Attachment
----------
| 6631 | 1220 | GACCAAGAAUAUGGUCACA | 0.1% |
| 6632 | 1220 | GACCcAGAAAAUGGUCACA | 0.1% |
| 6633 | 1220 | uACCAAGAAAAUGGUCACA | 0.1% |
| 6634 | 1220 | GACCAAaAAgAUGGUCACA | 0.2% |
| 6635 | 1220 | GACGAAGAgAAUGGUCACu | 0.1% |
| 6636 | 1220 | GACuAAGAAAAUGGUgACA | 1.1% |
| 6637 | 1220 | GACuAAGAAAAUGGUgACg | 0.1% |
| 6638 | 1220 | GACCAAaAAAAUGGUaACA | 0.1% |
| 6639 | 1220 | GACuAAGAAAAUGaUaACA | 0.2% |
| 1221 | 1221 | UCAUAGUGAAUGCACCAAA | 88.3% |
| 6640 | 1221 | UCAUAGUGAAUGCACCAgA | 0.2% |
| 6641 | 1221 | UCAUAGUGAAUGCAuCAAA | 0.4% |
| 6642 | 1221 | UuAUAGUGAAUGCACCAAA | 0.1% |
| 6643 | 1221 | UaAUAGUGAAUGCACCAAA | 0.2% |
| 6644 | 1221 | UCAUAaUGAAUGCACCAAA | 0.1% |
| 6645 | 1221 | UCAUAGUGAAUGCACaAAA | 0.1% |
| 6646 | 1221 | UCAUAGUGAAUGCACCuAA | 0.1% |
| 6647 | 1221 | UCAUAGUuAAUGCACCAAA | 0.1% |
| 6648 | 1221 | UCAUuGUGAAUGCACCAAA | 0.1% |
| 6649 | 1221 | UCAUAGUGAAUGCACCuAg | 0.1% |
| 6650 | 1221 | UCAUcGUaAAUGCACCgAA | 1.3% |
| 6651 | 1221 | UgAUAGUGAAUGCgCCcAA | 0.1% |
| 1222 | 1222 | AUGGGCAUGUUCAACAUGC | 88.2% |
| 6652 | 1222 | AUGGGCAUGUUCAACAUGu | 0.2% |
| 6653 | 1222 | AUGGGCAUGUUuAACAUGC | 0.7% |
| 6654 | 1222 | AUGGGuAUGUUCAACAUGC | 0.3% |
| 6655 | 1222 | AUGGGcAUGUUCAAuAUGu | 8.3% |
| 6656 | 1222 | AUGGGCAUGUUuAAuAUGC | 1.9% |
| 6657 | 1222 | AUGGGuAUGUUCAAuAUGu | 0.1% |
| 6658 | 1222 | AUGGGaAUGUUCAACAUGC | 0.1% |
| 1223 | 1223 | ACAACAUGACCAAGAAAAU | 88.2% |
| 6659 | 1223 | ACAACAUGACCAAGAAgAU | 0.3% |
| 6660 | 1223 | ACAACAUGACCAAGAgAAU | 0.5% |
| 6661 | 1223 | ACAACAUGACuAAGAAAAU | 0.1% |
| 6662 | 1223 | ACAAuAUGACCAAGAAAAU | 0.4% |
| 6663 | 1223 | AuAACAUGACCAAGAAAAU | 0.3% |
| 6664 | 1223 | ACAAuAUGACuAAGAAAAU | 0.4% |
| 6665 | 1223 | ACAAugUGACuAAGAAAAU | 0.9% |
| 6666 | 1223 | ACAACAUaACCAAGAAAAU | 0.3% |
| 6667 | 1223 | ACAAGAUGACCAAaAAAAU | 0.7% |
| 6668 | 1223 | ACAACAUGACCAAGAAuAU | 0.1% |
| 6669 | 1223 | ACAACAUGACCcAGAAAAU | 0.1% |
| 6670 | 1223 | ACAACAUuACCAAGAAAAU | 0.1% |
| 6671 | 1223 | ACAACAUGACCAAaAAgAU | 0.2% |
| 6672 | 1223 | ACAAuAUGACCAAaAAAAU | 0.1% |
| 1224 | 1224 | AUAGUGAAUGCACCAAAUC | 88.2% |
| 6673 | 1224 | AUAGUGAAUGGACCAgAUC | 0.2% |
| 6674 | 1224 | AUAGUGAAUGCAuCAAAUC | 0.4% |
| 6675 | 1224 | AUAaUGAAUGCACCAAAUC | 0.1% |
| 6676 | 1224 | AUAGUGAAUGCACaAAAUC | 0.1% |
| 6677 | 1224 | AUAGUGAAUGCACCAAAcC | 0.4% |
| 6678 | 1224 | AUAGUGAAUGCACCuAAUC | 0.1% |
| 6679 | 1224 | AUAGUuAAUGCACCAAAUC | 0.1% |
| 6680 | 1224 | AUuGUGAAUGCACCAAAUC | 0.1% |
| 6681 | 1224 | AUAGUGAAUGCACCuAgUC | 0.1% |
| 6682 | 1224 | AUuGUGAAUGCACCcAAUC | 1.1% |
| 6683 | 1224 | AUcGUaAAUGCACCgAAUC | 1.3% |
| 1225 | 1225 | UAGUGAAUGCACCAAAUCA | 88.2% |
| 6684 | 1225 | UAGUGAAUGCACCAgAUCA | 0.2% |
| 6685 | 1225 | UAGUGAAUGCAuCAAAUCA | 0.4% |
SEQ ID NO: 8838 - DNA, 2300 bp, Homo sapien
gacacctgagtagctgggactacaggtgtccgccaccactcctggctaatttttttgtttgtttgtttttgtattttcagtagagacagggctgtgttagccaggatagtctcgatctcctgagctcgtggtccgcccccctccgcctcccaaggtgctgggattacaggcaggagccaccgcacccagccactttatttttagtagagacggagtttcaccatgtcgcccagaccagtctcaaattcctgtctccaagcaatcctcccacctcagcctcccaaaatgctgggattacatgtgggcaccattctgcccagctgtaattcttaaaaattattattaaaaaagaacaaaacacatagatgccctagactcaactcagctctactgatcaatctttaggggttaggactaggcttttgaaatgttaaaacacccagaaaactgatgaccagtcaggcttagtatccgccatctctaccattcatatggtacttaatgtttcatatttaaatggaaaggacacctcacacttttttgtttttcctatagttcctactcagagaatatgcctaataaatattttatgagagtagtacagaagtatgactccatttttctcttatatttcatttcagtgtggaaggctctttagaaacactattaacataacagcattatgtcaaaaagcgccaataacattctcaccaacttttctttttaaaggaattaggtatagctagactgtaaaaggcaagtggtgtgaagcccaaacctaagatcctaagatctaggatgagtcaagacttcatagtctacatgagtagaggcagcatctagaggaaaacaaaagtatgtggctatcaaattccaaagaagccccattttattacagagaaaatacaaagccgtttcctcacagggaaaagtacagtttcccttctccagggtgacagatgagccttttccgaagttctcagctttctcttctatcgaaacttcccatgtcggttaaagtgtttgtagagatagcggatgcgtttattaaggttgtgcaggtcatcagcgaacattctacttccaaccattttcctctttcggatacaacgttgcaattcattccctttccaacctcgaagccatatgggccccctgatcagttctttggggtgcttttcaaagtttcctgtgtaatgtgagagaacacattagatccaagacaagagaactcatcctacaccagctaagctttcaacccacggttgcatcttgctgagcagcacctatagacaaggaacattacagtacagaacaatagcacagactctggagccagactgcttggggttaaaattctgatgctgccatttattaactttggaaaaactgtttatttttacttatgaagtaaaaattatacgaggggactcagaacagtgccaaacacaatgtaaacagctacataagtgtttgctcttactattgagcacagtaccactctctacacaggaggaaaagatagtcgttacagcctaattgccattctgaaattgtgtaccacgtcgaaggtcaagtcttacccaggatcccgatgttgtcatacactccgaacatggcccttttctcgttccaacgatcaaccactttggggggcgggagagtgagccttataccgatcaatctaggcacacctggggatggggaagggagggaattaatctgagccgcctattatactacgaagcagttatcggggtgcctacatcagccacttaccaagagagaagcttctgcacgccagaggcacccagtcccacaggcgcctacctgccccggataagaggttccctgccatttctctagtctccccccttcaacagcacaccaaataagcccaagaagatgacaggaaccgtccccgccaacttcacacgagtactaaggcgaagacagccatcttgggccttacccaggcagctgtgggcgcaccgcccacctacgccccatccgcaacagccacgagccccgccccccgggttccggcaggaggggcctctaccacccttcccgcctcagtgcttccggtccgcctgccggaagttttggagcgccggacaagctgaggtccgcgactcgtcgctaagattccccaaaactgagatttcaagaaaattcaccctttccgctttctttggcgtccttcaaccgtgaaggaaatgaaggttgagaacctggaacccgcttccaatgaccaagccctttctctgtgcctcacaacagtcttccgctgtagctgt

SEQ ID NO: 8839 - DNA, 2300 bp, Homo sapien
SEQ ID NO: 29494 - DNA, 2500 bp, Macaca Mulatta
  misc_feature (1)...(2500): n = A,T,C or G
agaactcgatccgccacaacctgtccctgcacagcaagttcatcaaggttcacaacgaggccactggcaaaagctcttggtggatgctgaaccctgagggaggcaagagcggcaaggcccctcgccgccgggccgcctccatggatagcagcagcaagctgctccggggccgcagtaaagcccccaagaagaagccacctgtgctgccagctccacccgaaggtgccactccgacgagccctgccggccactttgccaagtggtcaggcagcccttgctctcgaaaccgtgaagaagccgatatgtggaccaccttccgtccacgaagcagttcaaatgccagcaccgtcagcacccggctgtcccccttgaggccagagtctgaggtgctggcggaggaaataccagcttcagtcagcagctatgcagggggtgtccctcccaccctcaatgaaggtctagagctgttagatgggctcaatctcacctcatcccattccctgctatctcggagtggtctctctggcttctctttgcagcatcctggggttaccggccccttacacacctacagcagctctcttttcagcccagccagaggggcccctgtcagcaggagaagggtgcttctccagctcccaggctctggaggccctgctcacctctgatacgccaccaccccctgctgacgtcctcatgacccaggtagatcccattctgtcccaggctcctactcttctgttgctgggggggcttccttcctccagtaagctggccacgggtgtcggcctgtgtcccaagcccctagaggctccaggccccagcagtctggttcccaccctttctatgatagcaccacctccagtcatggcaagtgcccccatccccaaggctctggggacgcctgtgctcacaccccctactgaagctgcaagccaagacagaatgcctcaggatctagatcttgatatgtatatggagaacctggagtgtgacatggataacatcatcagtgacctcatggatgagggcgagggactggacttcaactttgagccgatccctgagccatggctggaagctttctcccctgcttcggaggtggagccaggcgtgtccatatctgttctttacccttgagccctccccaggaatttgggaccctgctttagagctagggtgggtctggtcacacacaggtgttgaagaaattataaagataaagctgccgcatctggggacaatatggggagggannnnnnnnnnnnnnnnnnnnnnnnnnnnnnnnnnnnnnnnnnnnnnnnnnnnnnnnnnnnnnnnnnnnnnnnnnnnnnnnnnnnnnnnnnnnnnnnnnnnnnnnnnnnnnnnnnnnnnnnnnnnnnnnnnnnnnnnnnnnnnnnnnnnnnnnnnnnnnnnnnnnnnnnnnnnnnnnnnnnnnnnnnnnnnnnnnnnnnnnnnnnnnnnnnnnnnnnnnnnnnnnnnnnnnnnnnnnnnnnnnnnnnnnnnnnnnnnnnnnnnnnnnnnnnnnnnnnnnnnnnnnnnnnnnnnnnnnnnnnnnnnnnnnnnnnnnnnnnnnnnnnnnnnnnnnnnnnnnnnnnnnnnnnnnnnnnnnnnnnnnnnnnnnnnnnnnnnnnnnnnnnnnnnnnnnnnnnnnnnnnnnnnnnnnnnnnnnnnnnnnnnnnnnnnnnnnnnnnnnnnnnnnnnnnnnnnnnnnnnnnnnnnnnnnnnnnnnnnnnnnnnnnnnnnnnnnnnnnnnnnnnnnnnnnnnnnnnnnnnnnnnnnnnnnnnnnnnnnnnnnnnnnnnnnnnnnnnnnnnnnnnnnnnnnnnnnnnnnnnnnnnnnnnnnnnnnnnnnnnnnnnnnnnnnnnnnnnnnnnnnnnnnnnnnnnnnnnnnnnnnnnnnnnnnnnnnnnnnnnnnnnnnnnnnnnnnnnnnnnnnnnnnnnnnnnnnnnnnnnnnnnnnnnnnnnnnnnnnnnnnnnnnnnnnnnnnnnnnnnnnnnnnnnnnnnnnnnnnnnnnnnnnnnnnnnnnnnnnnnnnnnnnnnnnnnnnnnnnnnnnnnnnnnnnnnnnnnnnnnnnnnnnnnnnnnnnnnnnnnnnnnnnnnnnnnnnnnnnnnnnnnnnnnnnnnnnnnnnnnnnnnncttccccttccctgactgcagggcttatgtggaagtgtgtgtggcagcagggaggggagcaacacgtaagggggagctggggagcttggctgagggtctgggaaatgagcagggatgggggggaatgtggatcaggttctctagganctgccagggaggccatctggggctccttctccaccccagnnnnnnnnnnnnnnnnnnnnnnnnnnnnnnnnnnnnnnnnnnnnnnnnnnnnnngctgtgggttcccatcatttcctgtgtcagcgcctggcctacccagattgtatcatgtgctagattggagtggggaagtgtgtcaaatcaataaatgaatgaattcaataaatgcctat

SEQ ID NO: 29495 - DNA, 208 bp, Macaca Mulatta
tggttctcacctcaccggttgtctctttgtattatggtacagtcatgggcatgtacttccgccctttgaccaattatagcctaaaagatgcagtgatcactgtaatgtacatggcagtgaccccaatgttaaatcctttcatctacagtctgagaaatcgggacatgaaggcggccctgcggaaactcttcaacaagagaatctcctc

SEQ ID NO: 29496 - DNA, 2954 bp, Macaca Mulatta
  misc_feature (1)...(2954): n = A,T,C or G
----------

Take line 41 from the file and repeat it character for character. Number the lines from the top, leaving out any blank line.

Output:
| 6668 | 1223 | ACAACAUGACCAAGAAuAU | 0.1% |